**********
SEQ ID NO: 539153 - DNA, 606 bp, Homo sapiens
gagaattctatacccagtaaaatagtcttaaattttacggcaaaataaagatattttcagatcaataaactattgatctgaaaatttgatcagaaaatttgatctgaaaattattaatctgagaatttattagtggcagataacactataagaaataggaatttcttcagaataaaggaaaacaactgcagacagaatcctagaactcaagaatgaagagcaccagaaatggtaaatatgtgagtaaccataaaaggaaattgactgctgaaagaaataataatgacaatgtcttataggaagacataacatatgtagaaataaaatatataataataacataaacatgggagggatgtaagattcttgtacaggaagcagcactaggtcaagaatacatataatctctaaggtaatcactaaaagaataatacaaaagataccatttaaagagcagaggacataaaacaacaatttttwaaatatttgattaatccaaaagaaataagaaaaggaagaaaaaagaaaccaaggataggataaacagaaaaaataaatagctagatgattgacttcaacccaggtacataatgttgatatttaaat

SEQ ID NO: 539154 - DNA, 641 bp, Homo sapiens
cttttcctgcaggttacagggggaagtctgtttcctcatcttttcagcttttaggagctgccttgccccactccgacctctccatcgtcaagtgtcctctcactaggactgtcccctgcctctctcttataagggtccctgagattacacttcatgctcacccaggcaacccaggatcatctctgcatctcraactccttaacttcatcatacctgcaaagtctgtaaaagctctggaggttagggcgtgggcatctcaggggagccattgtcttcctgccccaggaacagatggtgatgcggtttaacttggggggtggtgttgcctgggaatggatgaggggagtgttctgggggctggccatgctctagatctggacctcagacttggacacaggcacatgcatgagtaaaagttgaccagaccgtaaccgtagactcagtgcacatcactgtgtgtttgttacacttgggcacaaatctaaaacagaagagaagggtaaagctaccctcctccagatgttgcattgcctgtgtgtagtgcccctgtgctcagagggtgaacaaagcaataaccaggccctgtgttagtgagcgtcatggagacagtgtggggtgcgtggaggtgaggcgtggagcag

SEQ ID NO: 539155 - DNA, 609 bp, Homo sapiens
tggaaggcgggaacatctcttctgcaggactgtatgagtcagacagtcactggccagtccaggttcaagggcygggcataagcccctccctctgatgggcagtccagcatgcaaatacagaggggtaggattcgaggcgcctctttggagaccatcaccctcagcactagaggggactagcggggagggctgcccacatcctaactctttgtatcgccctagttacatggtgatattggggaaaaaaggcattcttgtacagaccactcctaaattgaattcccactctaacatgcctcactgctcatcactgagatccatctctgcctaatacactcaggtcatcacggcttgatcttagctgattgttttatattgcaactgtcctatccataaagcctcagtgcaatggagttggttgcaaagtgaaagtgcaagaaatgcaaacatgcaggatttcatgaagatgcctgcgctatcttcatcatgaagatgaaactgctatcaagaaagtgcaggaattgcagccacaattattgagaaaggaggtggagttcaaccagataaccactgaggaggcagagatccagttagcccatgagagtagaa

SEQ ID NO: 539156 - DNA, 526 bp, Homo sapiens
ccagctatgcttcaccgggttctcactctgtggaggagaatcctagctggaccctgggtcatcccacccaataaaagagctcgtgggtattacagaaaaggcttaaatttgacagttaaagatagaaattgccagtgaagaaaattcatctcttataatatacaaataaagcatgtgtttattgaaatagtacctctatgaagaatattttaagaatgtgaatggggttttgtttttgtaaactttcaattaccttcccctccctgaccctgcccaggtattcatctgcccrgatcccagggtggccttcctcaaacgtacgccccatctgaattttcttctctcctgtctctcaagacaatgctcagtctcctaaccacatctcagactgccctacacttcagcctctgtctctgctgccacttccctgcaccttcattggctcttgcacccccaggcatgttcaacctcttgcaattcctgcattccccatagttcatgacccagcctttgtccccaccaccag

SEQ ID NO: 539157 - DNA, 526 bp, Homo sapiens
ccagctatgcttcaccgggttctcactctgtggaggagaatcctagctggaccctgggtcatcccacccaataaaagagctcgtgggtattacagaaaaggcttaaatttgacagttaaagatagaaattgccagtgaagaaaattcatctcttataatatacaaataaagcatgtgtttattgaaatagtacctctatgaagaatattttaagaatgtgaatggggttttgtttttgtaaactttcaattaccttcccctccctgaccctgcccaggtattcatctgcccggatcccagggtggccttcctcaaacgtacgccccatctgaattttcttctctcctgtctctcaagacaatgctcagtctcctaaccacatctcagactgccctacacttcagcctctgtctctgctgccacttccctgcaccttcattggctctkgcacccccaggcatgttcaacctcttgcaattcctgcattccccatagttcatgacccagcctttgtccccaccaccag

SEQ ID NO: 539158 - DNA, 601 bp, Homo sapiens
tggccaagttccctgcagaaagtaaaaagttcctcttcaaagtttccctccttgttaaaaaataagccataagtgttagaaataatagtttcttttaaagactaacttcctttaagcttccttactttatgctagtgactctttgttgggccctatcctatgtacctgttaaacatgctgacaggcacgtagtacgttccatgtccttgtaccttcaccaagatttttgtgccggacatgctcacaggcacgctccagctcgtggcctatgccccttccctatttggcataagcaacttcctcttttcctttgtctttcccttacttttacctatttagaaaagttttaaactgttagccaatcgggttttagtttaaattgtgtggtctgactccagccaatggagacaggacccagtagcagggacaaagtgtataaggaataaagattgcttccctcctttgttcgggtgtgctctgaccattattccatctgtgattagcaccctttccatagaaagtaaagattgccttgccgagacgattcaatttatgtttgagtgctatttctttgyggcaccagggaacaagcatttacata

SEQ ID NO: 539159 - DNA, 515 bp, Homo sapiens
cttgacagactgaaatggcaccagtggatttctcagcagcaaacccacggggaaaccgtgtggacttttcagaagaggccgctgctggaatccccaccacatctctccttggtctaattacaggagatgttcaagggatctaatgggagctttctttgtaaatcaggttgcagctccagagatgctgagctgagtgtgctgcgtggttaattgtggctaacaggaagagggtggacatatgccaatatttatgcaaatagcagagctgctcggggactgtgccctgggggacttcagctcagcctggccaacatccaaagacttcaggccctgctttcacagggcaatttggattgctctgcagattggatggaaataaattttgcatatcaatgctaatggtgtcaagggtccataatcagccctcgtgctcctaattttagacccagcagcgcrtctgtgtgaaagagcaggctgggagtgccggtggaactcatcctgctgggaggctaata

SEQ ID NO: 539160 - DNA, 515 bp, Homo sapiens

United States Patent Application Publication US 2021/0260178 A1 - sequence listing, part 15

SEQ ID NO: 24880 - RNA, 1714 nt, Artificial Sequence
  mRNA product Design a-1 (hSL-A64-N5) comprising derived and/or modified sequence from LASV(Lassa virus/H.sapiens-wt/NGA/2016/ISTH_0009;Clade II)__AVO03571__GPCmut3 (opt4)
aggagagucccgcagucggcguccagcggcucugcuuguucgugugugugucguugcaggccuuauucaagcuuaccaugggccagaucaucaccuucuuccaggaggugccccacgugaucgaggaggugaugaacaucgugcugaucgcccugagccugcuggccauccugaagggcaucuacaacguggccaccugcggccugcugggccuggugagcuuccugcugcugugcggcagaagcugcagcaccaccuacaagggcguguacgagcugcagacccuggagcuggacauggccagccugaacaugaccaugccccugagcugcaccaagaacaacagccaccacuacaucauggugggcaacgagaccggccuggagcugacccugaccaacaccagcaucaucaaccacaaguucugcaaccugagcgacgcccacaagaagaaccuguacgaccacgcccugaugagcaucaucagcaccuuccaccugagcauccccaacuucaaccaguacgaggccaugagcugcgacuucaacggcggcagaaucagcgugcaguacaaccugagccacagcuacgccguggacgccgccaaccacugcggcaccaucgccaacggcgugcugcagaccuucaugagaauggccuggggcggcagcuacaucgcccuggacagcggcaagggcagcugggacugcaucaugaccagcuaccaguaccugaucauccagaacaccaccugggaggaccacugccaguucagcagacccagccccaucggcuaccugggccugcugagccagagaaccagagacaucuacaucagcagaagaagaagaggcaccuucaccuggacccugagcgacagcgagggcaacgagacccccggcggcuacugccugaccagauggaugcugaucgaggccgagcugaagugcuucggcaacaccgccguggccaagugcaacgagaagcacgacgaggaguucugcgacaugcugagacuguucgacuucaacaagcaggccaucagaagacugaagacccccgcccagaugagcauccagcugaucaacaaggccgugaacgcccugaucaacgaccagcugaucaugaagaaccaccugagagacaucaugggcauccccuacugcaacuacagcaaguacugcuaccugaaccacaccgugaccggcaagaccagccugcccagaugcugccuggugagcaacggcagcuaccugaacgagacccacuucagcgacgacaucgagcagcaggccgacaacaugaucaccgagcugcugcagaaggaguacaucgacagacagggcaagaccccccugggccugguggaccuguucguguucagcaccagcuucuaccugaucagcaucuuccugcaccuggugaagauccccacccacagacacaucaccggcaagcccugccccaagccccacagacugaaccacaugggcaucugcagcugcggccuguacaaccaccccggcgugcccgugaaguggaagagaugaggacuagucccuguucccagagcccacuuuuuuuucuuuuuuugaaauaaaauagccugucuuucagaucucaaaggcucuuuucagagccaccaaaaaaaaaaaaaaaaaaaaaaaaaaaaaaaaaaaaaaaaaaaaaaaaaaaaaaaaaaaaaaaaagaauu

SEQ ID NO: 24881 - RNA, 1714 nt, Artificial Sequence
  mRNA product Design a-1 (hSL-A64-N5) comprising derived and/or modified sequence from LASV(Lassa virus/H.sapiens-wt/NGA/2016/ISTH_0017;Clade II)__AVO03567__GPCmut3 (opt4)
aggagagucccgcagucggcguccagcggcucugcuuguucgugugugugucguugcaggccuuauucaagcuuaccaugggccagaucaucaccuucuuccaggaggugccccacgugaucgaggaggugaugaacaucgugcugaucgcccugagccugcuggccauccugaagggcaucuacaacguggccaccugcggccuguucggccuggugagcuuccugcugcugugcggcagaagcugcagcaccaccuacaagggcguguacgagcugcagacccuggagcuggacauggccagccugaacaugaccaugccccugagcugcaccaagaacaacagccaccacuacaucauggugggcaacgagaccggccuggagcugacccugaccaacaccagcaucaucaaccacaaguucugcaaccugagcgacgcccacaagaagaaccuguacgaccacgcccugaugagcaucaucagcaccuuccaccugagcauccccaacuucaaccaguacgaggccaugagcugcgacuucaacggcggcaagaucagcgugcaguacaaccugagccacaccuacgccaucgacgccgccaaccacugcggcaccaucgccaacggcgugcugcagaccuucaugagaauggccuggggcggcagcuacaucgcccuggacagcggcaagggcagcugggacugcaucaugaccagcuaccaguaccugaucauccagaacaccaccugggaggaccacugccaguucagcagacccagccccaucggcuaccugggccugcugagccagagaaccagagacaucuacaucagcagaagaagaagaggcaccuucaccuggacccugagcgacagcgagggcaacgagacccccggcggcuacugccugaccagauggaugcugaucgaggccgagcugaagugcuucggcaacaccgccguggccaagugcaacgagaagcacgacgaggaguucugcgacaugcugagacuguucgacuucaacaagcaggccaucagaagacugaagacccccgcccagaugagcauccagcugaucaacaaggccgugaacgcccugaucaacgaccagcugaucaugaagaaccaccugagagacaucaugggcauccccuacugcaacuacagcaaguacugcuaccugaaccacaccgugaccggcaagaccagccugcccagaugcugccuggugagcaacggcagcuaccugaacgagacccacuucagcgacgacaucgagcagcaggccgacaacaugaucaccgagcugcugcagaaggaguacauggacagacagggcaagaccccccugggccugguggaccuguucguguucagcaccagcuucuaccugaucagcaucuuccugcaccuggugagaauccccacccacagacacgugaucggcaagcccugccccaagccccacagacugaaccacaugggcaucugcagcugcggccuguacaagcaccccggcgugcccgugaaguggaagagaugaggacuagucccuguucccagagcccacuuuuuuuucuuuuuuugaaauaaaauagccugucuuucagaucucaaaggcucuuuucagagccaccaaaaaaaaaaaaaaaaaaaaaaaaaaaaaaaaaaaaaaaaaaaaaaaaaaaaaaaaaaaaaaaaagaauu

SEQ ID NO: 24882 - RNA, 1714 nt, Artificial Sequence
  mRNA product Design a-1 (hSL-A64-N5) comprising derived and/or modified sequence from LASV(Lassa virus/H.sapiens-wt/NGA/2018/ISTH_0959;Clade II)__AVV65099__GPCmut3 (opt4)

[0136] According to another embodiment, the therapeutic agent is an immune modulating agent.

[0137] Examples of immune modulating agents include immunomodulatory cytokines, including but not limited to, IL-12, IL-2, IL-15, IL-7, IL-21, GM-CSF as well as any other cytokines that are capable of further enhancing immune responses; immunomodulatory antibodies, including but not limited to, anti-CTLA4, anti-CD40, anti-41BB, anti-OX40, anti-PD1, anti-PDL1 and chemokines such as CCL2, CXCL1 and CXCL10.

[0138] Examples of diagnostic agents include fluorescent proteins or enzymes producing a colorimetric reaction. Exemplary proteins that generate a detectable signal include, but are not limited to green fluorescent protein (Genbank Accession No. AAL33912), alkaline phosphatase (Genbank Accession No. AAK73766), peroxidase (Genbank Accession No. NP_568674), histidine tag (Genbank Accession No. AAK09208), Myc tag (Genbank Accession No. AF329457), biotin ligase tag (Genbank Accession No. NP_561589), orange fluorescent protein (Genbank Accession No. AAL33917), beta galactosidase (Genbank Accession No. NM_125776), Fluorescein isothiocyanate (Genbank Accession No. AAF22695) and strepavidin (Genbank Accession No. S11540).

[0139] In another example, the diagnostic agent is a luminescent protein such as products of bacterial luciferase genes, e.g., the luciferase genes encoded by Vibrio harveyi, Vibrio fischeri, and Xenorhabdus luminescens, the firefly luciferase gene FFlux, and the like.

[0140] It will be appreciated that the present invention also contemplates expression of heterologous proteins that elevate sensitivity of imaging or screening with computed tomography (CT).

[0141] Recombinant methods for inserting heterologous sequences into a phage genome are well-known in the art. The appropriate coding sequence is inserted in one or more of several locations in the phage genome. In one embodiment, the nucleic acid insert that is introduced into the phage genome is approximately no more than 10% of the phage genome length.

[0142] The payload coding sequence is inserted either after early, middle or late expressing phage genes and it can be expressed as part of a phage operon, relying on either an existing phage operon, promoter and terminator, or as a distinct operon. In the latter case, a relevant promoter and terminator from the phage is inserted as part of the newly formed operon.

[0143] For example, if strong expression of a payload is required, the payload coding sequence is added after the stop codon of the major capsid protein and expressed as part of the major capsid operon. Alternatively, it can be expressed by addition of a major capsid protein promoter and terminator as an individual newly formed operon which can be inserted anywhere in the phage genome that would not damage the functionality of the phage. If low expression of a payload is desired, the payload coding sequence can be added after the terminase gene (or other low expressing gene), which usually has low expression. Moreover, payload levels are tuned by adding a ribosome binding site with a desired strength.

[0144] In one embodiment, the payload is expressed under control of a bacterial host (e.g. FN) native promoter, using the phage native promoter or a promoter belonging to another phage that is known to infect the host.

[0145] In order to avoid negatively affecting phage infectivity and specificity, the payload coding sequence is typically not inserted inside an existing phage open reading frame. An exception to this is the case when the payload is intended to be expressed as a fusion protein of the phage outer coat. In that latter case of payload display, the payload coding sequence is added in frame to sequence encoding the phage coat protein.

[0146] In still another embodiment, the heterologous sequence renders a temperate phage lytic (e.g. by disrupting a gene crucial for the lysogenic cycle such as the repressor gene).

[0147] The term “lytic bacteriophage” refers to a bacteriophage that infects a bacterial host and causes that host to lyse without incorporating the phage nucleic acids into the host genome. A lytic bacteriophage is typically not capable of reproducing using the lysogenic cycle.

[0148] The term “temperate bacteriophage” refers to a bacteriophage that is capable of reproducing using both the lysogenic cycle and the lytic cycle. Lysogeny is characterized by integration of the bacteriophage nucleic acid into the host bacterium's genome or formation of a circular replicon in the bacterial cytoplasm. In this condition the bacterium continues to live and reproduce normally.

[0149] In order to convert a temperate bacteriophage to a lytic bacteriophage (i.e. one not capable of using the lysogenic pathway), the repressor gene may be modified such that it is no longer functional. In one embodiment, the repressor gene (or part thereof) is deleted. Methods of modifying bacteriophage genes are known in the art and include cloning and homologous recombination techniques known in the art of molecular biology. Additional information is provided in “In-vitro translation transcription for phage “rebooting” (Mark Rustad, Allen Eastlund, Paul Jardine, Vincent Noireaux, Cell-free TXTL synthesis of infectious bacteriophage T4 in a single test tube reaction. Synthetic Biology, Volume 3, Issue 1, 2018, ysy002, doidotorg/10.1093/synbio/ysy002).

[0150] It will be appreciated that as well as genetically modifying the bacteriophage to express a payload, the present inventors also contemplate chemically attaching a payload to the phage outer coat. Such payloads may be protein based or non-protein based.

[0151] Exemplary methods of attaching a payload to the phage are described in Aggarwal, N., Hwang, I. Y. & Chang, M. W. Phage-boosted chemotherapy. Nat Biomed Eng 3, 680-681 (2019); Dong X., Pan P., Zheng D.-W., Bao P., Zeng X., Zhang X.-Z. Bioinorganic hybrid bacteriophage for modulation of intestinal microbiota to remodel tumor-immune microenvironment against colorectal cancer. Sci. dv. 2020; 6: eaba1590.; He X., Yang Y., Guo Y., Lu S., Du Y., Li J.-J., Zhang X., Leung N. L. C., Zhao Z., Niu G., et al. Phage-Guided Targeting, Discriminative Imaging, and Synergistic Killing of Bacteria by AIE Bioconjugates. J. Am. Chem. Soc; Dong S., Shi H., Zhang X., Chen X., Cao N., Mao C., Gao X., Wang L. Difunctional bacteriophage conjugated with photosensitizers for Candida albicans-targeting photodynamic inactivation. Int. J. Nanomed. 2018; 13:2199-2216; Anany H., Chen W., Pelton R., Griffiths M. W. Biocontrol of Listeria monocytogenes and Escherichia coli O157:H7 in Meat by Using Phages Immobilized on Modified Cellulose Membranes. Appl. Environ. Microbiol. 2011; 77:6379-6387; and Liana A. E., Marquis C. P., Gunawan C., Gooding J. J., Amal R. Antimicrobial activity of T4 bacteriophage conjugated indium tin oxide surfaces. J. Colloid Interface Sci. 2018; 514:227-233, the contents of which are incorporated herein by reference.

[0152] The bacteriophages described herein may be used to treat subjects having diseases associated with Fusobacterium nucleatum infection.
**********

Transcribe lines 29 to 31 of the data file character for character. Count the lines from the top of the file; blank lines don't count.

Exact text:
[0140] It will be appreciated that the present invention also contemplates expression of heterologous proteins that elevate sensitivity of imaging or screening with computed tomography (CT).

[0141] Recombinant methods for inserting heterologous sequences into a phage genome are well-known in the art. The appropriate coding sequence is inserted in one or more of several locations in the phage genome. In one embodiment, the nucleic acid insert that is introduced into the phage genome is approximately no more than 10% of the phage genome length.

[0142] The payload coding sequence is inserted either after early, middle or late expressing phage genes and it can be expressed as part of a phage operon, relying on either an existing phage operon, promoter and terminator, or as a distinct operon. In the latter case, a relevant promoter and terminator from the phage is inserted as part of the newly formed operon.